Semicolons to extend a sentence

The Quick Answer
A sentence can be extended with a semicolon when a slight break is preferable to a new sentence. (You cannot do the same thing with a comma. That's called a run-on error, and it's a common mistake.)

Merge Two Sentences with a Semicolon

On occasion, a writer may decide that the next sentence is so closely connected to the previous one that a slight break is more appropriate than a new sentence. A semicolon can be used for this purpose.

Examples:
  • No one was seriously hurt in the accident; one man suffered a broken finger.
  • In matters of style, swim with the current; in matters of principle, stand like a rock. (Thomas Jefferson, 1743-1826)
  • Like dear St Francis of Assisi I am wedded to poverty; but in my case the marriage is not a success. (Oscar Wilde)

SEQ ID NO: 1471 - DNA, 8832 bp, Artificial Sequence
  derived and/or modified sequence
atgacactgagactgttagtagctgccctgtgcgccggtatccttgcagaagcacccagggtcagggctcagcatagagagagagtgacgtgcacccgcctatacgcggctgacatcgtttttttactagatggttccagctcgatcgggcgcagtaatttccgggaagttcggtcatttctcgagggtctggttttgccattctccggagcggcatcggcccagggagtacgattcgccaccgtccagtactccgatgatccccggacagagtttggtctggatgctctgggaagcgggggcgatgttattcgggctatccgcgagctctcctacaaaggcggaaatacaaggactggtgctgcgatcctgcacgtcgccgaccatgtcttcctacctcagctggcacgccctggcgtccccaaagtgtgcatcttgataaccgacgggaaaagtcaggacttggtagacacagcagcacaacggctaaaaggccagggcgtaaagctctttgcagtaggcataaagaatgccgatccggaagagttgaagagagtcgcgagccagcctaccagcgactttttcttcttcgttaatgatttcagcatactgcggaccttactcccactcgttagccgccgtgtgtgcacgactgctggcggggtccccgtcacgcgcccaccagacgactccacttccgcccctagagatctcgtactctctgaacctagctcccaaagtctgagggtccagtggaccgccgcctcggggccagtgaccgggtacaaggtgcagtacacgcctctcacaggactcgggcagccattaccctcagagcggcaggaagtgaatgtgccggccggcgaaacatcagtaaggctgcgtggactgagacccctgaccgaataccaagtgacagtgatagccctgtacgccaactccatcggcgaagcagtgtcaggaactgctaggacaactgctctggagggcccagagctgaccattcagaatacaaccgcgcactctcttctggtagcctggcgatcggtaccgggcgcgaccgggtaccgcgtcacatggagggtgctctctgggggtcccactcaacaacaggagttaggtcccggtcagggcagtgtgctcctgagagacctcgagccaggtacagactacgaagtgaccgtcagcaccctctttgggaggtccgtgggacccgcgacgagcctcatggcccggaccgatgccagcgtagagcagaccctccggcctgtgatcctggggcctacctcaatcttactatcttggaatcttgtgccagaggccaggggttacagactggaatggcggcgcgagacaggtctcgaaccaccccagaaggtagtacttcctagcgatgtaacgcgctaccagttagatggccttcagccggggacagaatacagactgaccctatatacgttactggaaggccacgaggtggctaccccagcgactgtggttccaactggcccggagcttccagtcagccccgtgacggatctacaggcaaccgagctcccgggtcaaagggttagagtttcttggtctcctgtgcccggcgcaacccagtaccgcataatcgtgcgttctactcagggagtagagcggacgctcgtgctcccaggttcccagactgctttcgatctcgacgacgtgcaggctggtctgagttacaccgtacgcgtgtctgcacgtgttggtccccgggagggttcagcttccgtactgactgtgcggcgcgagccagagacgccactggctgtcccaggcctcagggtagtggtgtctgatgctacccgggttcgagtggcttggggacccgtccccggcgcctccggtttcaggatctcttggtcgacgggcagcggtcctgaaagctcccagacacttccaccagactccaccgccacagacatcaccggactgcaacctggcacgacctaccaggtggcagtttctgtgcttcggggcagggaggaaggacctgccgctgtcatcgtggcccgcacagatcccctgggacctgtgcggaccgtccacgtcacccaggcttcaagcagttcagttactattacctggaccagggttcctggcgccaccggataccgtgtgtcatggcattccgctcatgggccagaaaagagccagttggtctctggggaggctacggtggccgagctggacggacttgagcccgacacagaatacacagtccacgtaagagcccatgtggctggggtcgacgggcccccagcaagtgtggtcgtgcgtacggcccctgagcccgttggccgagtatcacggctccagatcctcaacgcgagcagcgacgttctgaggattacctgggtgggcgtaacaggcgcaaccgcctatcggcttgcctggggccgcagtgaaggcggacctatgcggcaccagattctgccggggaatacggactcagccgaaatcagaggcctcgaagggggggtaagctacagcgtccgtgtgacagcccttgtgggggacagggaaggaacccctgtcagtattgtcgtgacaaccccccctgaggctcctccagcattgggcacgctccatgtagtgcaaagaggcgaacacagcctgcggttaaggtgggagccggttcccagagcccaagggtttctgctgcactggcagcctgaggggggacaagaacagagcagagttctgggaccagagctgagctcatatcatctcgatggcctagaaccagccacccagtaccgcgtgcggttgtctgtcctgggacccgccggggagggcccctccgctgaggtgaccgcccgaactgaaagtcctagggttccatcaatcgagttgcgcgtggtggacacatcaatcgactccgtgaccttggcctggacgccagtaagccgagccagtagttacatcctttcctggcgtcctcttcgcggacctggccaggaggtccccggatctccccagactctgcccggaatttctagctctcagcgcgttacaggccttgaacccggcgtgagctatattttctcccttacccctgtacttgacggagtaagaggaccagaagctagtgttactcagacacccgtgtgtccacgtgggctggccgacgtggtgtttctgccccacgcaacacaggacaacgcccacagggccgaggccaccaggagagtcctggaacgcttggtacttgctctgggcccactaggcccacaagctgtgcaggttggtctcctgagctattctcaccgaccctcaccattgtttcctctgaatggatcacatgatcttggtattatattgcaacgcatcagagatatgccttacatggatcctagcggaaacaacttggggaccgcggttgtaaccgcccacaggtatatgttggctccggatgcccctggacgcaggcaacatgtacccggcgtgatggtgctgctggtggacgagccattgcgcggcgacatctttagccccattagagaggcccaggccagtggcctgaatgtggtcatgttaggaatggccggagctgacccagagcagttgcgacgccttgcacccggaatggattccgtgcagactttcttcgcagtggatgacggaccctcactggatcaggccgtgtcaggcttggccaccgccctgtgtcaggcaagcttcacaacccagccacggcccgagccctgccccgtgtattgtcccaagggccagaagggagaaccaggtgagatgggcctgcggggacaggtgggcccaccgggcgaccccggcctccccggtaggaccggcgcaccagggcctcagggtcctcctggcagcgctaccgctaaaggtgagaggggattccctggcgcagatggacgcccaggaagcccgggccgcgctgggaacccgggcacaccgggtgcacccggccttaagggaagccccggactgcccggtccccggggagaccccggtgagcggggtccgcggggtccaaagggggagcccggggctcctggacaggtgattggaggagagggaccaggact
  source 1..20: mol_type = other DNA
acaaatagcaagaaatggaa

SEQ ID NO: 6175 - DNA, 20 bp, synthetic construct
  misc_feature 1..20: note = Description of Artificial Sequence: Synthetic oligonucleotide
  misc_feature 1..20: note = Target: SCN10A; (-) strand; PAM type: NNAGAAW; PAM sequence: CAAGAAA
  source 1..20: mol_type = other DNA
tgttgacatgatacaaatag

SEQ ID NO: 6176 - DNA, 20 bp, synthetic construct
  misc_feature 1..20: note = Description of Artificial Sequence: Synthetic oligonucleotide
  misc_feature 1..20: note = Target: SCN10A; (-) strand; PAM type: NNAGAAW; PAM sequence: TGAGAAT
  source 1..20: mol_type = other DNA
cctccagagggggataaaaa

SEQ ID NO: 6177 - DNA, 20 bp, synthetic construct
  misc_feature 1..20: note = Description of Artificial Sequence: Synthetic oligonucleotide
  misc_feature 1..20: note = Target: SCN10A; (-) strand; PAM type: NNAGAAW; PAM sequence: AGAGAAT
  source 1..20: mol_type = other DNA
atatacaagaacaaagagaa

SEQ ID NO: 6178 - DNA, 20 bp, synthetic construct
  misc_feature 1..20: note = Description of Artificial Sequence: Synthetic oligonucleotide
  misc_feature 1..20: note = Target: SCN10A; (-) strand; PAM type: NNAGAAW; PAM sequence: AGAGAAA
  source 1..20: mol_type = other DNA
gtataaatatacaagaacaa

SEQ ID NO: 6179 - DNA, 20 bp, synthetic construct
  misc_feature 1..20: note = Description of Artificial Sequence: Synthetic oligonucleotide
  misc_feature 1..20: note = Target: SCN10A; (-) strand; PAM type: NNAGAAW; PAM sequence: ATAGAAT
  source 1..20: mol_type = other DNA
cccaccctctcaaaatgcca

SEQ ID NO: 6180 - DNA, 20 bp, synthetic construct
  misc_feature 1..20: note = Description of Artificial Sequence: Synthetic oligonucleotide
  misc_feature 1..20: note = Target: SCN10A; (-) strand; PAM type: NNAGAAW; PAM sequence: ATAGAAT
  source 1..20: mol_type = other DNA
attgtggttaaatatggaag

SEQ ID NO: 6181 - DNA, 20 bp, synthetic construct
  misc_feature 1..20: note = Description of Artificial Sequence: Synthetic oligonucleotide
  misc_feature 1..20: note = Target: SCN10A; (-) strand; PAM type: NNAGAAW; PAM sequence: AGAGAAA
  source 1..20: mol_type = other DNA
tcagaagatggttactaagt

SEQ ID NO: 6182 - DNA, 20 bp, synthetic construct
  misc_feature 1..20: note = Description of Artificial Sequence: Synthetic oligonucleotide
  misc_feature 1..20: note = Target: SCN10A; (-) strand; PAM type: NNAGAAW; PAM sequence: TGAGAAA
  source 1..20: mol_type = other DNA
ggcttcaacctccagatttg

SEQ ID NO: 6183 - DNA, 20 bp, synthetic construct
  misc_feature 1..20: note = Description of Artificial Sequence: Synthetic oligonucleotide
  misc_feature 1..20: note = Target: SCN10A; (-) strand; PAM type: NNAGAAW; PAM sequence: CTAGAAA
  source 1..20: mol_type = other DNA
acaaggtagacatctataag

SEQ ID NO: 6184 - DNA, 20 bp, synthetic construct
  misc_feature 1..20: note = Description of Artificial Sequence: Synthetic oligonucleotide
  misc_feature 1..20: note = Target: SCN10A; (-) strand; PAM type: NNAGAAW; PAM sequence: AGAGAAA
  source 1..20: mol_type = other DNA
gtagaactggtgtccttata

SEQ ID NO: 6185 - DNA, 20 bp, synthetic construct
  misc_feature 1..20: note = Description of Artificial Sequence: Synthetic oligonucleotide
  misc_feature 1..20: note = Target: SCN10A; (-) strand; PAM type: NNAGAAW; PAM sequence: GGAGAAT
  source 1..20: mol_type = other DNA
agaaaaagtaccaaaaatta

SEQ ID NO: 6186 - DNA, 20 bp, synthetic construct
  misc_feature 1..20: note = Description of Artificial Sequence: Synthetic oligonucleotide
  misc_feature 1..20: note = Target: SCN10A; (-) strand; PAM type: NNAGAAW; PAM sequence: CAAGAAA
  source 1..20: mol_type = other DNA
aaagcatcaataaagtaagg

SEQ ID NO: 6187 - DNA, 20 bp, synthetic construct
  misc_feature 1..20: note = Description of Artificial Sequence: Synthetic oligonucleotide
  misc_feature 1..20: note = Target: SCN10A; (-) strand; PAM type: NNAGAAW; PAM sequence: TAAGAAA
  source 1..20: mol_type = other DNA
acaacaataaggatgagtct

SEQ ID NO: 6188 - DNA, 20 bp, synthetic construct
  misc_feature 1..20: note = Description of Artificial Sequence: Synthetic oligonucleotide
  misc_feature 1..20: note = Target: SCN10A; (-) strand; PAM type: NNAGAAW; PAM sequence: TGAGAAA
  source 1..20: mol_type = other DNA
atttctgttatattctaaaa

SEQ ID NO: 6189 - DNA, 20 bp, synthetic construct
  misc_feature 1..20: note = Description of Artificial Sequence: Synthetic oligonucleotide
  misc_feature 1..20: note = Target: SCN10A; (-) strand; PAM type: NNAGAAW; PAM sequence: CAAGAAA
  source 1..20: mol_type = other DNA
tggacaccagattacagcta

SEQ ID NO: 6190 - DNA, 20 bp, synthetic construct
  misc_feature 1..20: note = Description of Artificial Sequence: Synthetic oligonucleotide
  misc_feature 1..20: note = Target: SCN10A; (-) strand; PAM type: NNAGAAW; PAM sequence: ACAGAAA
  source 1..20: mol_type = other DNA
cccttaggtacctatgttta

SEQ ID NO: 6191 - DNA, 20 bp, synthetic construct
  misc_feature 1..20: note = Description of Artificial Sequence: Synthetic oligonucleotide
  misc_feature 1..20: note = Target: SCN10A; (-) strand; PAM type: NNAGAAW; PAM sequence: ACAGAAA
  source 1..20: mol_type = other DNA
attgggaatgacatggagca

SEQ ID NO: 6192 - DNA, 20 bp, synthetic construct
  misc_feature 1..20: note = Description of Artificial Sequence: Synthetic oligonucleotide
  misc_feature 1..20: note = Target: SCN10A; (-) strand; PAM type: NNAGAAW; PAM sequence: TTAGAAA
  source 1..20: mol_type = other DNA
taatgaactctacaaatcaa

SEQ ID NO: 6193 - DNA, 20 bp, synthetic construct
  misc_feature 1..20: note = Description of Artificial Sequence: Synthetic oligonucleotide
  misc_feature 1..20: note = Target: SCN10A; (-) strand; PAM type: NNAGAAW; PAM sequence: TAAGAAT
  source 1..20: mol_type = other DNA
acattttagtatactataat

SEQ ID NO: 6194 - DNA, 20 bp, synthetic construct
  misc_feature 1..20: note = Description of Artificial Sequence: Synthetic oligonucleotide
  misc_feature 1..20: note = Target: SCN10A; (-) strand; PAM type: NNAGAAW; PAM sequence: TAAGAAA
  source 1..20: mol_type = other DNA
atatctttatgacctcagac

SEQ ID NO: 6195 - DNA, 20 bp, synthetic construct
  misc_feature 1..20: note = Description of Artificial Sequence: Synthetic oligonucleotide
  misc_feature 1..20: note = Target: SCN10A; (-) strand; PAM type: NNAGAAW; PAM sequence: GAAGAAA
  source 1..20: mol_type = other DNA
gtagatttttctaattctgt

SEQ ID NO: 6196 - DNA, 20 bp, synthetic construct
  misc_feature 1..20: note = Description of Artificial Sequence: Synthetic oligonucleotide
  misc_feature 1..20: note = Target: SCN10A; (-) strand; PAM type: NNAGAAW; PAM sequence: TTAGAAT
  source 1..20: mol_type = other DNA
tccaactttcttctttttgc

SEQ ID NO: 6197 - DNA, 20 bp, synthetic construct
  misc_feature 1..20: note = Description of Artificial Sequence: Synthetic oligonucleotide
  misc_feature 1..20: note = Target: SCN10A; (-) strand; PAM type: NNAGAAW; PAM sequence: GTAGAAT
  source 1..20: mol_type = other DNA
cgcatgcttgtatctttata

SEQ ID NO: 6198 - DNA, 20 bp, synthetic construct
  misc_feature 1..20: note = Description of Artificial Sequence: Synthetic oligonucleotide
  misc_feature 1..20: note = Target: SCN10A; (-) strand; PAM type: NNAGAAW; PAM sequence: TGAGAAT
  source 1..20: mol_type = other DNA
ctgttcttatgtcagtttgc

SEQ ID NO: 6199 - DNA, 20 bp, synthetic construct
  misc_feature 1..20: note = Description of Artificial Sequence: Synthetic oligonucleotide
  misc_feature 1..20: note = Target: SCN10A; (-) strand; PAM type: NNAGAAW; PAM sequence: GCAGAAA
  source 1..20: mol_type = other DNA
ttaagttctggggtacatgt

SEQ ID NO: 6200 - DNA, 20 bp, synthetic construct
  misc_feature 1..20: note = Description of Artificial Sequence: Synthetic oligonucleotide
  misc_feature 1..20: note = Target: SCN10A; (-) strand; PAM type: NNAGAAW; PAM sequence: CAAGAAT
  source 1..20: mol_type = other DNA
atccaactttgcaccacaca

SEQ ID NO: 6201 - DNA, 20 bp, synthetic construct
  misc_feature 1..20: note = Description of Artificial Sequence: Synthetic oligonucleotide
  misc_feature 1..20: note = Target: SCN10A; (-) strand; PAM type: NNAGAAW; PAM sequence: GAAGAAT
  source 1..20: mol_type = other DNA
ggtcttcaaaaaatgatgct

• To lose one parent, Mr Worthing, may be regarded as a misfortune; to lose both looks like carelessness. (Oscar Wilde)
  • The meeting has been rescheduled for 4 o'clock; this reflects the director's new agenda.

slight breaks preferable to new sentences (The semicolons are okay.)
(magazine article)
  • The manager did not approve the plan; he suggested several changes.
  • A pessimist sees the difficulty in every opportunity; an optimist sees the opportunity in every difficulty. (Winston Churchill)

Semicolons Can Replace Conjunctions

Semicolons can be used to replace words like and, but and or. (These are called Conjunctions.)

Examples:
  • The manager did not approve the plan; he suggested several changes.
  • (In this example, , but could be written in the place of the semicolon.)

  • Eat oranges throughout the journey; you may catch scurvy.
  • (semicolon replaces , or)

See Also

Extend a sentence Run-on error with a comma Using semicolons before conjunctions (and, or, but, etc.) Using semicolons before transitional phrases (e.g. however) Using semicolons in lists